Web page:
Janet Schadle, of Vienna, has been to the Italian Cafe in Falls Church several times to savor the eggplant parmesan, but on Wednesday she got an extra serving of Gov. Mark Warner (D).
Warner used the family restaurant as a backdrop as he breezed through Northern Virginia as part of a whirlwind trip last week to promote his tax restructuring plan.
"Over the last five years alone, there's been three separate independent commissions that have all said our tax system in Virginia is antiquated, out of date and basically broke," he said.
"I think it's workable," said Schadle, who had read the governor's plan the day before. "You have to pay for it somehow."
<b>WARNER'S PLAN</b> would increase the state sales tax by one cent, charge sales taxes on Internet sales and would reduce the sales tax on food by one cent next year and an additional half cent starting in 2005. It would increase the state cigarette tax to 25 cents a pack and allow localities to raise their own cigarette taxes up to 50 cents per pack by 2006.
The governor also promised to completely phase out the car tax and abolish the estate tax for family businesses and working farms. Corporate tax loopholes that allow Virginia businesses to register in tax-free Delaware would be closed and people who turn 65 after Jan. 1, 2005 will get an age deduction based on their income as opposed to the blanket age deduction currently on the books.
"These are the kinds of things that as just plain fairness we need to do," Warner said.
One of the more controversial proposals calls for creating a separate income tax bracket for filers with income over $100,000 a year. Those taxpayers would be taxed 6.25 percent on their total income as opposed to 5.75 percent levied on taxpayers earning between $20,000 and $100,000.
The new tax rate would still "put us lower than the national average," said Warner. Overall, he said, other tax breaks would offset the impact of the higher tax rate for some wealthier Virginians. And 65 percent of all taxpayers would pay less in taxes, he said.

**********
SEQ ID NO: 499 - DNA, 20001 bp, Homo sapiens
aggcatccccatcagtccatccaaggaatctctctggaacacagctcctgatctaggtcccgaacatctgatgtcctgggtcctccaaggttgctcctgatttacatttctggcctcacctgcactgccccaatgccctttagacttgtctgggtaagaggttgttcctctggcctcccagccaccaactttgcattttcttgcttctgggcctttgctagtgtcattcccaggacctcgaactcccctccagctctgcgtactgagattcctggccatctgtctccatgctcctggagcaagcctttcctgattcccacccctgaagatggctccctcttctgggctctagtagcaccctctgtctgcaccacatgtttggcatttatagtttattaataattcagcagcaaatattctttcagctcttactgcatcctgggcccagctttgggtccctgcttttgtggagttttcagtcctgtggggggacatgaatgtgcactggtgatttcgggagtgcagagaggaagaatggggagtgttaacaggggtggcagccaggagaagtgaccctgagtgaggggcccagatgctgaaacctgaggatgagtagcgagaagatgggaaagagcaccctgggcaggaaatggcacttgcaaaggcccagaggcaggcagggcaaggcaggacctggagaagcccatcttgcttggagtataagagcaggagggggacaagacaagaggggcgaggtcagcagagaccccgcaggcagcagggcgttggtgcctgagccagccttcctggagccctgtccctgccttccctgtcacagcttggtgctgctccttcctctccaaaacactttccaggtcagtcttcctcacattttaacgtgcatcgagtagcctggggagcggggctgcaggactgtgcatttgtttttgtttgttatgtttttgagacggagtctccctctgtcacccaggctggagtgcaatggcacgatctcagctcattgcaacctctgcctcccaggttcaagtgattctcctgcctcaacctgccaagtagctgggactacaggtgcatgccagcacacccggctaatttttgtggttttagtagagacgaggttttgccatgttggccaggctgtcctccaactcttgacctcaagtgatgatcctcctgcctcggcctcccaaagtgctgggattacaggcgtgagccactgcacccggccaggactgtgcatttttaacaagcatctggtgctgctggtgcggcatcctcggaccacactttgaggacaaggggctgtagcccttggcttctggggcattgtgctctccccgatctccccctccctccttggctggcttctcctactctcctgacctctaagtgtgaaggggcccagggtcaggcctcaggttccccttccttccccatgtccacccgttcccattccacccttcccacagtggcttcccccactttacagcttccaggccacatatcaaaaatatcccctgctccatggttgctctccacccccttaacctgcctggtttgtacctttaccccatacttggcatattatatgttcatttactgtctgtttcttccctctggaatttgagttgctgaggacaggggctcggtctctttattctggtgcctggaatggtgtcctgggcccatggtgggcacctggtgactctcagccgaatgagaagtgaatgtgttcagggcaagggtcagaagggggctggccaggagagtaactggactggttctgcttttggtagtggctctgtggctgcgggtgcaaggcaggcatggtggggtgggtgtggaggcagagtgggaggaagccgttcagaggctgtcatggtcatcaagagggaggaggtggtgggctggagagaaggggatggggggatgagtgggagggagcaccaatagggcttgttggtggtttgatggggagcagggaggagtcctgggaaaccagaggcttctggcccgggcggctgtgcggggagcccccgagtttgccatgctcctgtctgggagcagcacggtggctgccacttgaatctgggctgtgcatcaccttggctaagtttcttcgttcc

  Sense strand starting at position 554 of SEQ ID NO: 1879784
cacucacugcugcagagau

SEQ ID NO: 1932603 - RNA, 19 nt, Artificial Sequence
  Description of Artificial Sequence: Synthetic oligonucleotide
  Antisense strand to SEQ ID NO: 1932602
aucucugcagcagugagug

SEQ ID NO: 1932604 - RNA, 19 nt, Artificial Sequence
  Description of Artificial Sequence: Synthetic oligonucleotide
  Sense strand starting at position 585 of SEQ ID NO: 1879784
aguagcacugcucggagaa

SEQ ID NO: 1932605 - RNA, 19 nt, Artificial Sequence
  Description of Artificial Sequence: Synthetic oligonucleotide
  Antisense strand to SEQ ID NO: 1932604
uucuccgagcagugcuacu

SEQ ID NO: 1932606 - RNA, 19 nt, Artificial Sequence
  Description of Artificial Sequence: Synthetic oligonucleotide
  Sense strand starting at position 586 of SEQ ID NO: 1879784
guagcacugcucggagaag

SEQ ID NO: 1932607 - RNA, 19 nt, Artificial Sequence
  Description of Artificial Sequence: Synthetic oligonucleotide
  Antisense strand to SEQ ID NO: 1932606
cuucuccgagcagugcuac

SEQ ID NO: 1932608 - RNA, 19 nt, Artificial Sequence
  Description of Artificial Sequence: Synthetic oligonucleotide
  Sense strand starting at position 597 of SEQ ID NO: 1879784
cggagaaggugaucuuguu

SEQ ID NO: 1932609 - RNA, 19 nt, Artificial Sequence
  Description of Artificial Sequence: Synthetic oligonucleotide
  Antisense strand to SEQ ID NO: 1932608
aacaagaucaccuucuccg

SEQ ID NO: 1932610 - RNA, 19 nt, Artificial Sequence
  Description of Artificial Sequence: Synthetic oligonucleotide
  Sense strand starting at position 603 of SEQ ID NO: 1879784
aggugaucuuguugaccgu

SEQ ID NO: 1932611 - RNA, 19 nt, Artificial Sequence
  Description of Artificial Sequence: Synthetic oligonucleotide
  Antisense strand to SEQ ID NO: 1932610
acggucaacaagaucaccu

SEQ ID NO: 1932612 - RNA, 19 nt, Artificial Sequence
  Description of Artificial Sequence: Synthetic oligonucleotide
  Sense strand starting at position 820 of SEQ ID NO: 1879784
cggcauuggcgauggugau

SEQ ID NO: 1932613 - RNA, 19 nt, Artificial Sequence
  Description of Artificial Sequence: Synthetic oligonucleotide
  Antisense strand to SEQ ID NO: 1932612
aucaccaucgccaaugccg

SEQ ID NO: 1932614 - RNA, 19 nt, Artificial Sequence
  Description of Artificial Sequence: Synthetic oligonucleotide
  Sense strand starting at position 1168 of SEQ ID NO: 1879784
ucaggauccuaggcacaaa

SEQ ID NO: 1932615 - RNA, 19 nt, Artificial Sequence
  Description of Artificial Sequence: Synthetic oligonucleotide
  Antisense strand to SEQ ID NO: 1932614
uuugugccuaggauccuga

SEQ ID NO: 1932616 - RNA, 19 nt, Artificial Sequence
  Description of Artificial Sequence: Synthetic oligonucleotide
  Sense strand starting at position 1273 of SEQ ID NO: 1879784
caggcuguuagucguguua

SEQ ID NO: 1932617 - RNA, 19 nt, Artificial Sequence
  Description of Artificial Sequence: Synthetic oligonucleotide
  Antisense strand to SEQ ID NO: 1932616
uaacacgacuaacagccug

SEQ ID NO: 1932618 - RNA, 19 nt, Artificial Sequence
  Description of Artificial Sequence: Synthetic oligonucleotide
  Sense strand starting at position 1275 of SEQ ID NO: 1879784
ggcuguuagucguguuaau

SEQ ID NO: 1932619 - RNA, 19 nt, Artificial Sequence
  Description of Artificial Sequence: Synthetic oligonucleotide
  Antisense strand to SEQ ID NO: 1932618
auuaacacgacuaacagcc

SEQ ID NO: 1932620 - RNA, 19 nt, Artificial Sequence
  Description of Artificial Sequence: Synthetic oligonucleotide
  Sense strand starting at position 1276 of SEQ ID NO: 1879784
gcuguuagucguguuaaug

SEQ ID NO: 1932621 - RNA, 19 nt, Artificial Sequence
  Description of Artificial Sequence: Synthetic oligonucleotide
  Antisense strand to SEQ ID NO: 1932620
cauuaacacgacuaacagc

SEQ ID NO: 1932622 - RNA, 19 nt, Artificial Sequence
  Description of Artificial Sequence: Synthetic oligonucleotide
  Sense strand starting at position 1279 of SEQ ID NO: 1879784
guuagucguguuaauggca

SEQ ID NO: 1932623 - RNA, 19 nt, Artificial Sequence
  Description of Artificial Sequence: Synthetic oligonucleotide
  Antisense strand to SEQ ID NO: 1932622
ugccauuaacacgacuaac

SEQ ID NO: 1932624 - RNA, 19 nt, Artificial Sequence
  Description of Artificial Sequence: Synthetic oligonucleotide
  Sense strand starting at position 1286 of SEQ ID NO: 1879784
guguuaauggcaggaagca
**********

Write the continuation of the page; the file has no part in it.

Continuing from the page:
"I call this tax relief," he said writing "65 %" in big letters on a board.
Although the higher income taxes would only affect about 8 percent of Virginians, it could raise the tax bill for 47.7 percent of Fairfax County families, whose incomes tend to be higher than elsewhere in the state.
<b>ON WEDNESDAY,</b> the guests invited to Warner's presentation had mostly positive things to say about the plan.
Tom Gittins, who owns a framing store in Falls Church, called the proposal "daring and exciting."
He called the estate tax repeal "exceptional."
Schadle, who listened to Warner's speech after she finished her lunch said she was eager to see some of the revenue generated by this plan could be used for health care.
"I came from Pennsylvania where we pay 6.5 percent sales tax," said Schadle, a nurse and the mother of a 20-year-old special education student.
Despite the roughly $500 million a year expected to come from Warner's tax plan, the state will still face a budget shortfall next year, the governor warned.
Warner said the plan would help the state claw its way out of a $1.2 billion shortfall but would not provide for any new programs.
"If you think the cuts have been bad so far you haven't seen anything yet," he said.